Gabrielle Wang

Author and Illustrator

How Writers Work – Michael Wagner Guest Post

This is a weekly series of guest posts on How Writers Work.

Australian children’s and YA author Michael Wagner talks about his writing process.

As you can probably tell from the picture, my writing space is a tiny room that’s very messy most of the time. But that’s okay, because it’s my special place, so no one else really has to put up with it.

 

 

 

 

 

 

 

 

 

 

 

 

If you’ve noticed the speakers on either side of my computer, you might have worked out that I like listening to music. I actually love it. And I find it quite useful as part of my writing routine as well.

Occasionally, at the start of the day, I’ll listen to songs that help me get into the mood or ‘zone’ of a story.  I even have playlists of songs that suit particular books – an Undys playlist, a Maxx Rumble playlist, a Ted playlist, etc. I fill each of them with songs that have the right energy or feel for a story, then, in the morning when I sit down to write, I put the playlist on and turn it up. It blares through those big speakers while I get myself organised. And it continues while I start writing. But I find, as soon as I’m in the zone, I start turning the music down. And before long it’s off altogether. For me, music is good for getting started, but once I’m on my way it feels too distracting.

If you look closely at the wall behind my computer you might notice two book covers. One is of the book I’m writing at the moment, Ted Goes Wild, and the other is of a novel that was published in 2010, Destiny’s Right Hand.

If you’re familiar with the actual cover of Destiny’s Right Hand, you might have noticed the version on my wall is a little different. In this version, the main character, Eddie, is upside down as if he’s falling into Destiny’s hand. I put that version of the cover on my wall before we’d made our final decision on which one to use, and then just left it there because I quite like it. It’s a little bit kooky, which I think suits the story. :^)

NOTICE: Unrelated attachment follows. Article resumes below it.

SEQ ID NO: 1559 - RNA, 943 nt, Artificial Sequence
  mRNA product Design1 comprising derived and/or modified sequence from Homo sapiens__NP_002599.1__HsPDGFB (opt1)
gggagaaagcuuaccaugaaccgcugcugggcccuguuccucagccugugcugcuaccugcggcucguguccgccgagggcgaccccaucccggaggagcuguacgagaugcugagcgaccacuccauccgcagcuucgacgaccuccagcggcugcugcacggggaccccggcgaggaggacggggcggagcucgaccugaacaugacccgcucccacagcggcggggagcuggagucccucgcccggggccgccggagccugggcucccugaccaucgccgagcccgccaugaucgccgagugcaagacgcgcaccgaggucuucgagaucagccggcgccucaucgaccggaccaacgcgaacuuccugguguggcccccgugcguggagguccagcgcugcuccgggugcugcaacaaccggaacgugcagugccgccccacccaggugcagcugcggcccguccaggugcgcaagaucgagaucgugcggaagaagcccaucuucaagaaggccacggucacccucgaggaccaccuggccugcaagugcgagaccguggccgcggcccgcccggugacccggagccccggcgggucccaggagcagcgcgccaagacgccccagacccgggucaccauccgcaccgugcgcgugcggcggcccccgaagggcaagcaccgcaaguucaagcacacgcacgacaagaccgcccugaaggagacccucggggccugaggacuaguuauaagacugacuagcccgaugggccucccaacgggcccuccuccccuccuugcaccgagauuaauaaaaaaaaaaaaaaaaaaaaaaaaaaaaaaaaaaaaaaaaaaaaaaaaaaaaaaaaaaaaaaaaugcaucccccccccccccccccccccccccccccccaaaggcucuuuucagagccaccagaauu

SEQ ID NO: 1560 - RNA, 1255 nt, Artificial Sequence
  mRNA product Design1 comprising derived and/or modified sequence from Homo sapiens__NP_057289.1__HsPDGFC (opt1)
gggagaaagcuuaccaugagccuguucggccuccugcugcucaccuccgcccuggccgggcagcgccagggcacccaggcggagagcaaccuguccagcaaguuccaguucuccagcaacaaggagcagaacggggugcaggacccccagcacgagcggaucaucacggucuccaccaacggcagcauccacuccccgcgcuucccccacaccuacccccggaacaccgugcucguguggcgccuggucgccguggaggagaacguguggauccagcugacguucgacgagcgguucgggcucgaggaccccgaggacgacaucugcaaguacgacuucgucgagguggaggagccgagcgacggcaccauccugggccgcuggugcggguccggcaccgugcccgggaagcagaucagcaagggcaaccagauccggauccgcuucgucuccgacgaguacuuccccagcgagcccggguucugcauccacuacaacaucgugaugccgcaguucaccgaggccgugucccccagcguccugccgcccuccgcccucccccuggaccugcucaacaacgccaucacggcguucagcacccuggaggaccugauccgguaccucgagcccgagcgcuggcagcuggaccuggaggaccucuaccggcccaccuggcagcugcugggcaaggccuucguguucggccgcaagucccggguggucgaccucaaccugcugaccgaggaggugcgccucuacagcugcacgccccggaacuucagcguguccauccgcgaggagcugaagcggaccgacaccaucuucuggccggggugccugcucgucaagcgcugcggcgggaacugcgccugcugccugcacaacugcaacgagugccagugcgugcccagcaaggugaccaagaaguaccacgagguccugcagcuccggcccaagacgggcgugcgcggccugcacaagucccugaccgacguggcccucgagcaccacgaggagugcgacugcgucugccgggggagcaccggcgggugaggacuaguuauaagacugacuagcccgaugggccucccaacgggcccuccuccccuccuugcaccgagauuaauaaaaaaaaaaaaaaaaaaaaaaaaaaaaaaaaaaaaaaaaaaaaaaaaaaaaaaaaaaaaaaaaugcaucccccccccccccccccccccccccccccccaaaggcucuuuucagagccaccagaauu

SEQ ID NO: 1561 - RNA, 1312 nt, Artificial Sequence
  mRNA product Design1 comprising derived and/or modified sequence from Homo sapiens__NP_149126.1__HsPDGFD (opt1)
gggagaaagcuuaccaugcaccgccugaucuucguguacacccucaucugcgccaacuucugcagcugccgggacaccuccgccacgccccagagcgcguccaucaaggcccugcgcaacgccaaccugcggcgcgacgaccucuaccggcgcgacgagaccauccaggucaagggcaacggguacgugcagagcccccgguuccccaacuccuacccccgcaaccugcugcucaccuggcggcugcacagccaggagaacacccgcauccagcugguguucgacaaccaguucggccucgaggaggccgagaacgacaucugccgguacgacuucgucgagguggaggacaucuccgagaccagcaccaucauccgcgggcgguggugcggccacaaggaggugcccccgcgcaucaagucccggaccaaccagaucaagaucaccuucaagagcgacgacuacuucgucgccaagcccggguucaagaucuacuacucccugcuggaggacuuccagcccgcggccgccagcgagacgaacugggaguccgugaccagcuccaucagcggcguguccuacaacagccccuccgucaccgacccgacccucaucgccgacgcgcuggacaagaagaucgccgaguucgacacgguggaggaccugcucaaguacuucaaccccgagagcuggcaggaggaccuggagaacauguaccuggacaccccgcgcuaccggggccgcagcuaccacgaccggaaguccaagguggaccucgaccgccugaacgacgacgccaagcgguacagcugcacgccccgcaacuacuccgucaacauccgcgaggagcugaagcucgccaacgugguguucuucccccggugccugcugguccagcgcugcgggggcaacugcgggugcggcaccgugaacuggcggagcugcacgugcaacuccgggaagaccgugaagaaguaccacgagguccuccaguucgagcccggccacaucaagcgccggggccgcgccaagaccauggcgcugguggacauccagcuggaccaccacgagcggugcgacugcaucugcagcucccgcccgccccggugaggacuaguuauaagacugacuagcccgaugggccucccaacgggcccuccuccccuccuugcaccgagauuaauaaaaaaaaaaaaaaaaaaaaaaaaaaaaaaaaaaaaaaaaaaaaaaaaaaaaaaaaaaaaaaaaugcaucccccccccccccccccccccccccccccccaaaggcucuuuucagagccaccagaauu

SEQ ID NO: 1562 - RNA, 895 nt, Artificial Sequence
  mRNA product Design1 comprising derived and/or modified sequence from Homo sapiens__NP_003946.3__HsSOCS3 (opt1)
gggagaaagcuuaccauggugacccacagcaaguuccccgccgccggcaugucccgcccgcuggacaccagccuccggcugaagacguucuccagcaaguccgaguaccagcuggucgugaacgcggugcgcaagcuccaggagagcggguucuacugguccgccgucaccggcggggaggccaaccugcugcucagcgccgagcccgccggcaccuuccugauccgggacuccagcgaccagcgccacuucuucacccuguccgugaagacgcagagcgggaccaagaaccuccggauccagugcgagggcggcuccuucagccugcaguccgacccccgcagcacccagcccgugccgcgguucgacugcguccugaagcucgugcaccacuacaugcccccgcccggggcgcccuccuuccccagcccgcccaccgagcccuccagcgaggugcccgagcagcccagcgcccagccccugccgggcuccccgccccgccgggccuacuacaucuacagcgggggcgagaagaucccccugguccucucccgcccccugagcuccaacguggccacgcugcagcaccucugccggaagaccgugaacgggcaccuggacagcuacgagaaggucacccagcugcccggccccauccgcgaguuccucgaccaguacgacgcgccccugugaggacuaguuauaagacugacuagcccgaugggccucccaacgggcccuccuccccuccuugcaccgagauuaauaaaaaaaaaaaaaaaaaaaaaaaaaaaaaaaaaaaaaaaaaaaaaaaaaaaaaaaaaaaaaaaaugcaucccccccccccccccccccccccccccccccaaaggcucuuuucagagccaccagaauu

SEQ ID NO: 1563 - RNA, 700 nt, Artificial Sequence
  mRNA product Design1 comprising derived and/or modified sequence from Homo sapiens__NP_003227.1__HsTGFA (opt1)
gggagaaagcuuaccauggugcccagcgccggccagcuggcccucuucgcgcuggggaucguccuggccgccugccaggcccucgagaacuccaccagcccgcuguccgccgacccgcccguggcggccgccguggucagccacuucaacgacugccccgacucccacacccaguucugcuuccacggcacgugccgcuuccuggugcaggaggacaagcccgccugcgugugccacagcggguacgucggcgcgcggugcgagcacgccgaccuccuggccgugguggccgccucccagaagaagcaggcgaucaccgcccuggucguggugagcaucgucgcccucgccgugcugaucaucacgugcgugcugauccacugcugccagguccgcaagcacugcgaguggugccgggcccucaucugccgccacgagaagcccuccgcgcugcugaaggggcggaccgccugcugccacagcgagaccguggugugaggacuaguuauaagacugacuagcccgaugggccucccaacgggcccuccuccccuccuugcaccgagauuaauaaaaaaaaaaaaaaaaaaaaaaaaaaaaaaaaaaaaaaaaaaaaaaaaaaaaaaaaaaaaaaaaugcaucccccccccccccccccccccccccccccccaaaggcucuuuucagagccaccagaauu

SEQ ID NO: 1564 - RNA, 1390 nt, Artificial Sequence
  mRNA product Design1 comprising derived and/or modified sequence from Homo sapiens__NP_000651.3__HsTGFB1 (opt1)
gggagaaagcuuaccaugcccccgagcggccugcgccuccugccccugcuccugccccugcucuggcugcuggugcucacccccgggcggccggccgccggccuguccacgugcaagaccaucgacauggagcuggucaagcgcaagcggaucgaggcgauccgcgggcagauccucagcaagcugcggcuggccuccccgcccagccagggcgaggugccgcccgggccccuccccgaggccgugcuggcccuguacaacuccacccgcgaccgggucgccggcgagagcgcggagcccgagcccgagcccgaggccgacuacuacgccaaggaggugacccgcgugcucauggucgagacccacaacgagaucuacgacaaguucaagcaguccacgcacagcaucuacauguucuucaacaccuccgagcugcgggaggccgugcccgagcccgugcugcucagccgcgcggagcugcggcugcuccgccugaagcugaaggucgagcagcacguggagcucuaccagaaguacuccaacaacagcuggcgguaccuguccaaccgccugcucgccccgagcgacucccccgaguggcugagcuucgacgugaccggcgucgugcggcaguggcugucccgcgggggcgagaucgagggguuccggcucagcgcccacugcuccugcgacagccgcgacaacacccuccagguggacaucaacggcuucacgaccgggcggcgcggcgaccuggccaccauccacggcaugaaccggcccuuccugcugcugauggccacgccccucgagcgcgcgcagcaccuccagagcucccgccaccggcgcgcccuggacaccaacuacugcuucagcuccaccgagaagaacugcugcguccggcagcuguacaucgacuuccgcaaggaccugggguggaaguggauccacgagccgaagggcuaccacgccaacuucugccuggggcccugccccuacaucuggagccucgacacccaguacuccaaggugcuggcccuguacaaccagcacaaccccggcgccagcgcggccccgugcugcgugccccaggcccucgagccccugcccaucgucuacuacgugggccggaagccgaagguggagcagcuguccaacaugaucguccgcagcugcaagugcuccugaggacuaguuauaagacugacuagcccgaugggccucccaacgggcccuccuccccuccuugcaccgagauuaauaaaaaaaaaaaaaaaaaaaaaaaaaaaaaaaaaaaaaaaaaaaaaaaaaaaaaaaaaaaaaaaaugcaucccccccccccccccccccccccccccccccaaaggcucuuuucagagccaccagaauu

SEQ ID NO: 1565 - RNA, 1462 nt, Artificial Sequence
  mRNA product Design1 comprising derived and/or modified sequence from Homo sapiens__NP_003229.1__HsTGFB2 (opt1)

Also on the wall, just to the left of the clock, is a page of black and white character photos. All of those little faces (which are probably very hard to make out) are characters in Destiny’s Right Hand. Actually, they’re all just images of young people I’ve taken from the Internet, but they each look like what I imagine the characters in Destiny to look like.

I’ve put them there for a very important reason (well, it’s important for me anyway). When I’m writing I find it helps enormously if I can clearly imagine the characters and scenes I’m describing.  Having pictures of characters to look at, brings them to life in my imagination. So, when I’m about to write a scene with, say, three of characters on my wall in it, I start by simply looking at the pictures while trying to imagine them in the scene’s location.

At first, this helps a little – helping me to get sketchy images of the characters and the place – but gradually, usually over months, it becomes invaluable.

What happens is, the characters become more and more vivid to the point where they feel just about real to me. In fact, there’s a magical moment, that I’m always aiming for, when the characters start surprising me with what they have to say during a scene. They become so real they actually start talking for themselves. When this happens, I ‘listen’ closely and type as quickly as I can. I’ve learned from experience that this is where much of my best dialogue comes from.

It’s an odd kind of technique, I know, but it might work for you too, so maybe give it a try. The only thing I’d suggest is that you persist for a few months because it often takes a while for the characters to really become solid.

So that’s my little writing room and a little snapshot of how I work. It’s probably quite different from most other writers, including you, but it seems to work for me. I hope you found it interesting.

Michael   :^)

Your latest publication or WIP

At the moment I’m working on a new series about an adventure-loving teddy, called Ted, who’s emerged from a very dark past to become someone who loves to save and serve others.

He’s a cool little guy who knows how to survive in the harshest of conditions thanks to the years of training he’s received from the leader of all the world’s teddies, Papa Guru.

The first book is currently called Ted Goes Wild and the second one is Ted Gets Lost, but those titles and many other details could still change as I work with Penguin to get them just right.

http://www.michaelwagner.com.au/

4 Responses to “How Writers Work – Michael Wagner Guest Post”

  1. Beth Cregan says:

    I am a really visual person so I love the idea of using pictues and visual cues. Really enjoyed reading your post today

  2. Michael Wagner says:

    Hi Beth. It’s very nice to hear from you. Glad you liked the commentary on my messy little study. :^)

  3. Great to get an insight into the way you work Michael. I found it fascinating.

  4. Michael Wagner says:

    Thanks Corinne. It’s always lovely to hear from you!!

Leave a Reply